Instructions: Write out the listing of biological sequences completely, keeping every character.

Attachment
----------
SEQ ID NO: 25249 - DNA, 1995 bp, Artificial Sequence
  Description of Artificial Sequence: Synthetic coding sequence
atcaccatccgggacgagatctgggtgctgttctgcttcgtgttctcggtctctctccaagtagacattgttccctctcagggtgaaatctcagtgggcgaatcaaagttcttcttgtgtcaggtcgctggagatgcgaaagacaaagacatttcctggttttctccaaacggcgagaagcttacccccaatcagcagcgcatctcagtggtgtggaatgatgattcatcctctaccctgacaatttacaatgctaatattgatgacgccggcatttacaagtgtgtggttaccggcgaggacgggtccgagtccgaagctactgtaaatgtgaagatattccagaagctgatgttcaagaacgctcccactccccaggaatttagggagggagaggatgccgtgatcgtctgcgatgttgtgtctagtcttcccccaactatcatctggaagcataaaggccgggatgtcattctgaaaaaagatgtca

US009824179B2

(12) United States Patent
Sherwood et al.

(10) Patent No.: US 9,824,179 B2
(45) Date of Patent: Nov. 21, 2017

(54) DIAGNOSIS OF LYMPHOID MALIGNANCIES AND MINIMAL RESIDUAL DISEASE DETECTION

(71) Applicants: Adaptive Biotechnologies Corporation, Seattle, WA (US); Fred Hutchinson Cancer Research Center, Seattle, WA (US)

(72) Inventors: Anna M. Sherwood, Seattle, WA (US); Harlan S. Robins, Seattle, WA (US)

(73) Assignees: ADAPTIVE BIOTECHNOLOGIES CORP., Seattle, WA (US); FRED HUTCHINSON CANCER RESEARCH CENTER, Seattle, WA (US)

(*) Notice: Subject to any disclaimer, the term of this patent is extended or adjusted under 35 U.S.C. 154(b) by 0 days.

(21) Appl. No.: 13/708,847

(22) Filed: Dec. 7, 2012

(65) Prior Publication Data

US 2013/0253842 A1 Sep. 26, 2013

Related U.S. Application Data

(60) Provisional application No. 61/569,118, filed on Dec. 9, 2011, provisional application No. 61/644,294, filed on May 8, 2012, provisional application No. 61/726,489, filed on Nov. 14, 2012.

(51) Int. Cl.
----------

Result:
SEQ ID NO: 25249 - DNA, 1995 bp, Artificial Sequence
  Description of Artificial Sequence: Synthetic coding sequence
atcaccatccgggacgagatctgggtgctgttctgcttcgtgttctcggtctctctccaagtagacattgttccctctcagggtgaaatctcagtgggcgaatcaaagttcttcttgtgtcaggtcgctggagatgcgaaagacaaagacatttcctggttttctccaaacggcgagaagcttacccccaatcagcagcgcatctcagtggtgtggaatgatgattcatcctctaccctgacaatttacaatgctaatattgatgacgccggcatttacaagtgtgtggttaccggcgaggacgggtccgagtccgaagctactgtaaatgtgaagatattccagaagctgatgttcaagaacgctcccactccccaggaatttagggagggagaggatgccgtgatcgtctgcgatgttgtgtctagtcttcccccaactatcatctggaagcataaaggccgggatgtcattctgaaaaaagatgtca

US009824179B2

(12) United States Patent
Sherwood et al.

(10) Patent No.: US 9,824,179 B2
(45) Date of Patent: Nov. 21, 2017

(54) DIAGNOSIS OF LYMPHOID MALIGNANCIES AND MINIMAL RESIDUAL DISEASE DETECTION

(71) Applicants: Adaptive Biotechnologies Corporation, Seattle, WA (US); Fred Hutchinson Cancer Research Center, Seattle, WA (US)

(72) Inventors: Anna M. Sherwood, Seattle, WA (US); Harlan S. Robins, Seattle, WA (US)

(73) Assignees: ADAPTIVE BIOTECHNOLOGIES CORP., Seattle, WA (US); FRED HUTCHINSON CANCER RESEARCH CENTER, Seattle, WA (US)

(*) Notice: Subject to any disclaimer, the term of this patent is extended or adjusted under 35 U.S.C. 154(b) by 0 days.

(21) Appl. No.: 13/708,847

(22) Filed: Dec. 7, 2012

(65) Prior Publication Data

US 2013/0253842 A1 Sep. 26, 2013

Related U.S. Application Data

(60) Provisional application No. 61/569,118, filed on Dec. 9, 2011, provisional application No. 61/644,294, filed on May 8, 2012, provisional application No. 61/726,489, filed on Nov. 14, 2012.

(51) Int. Cl.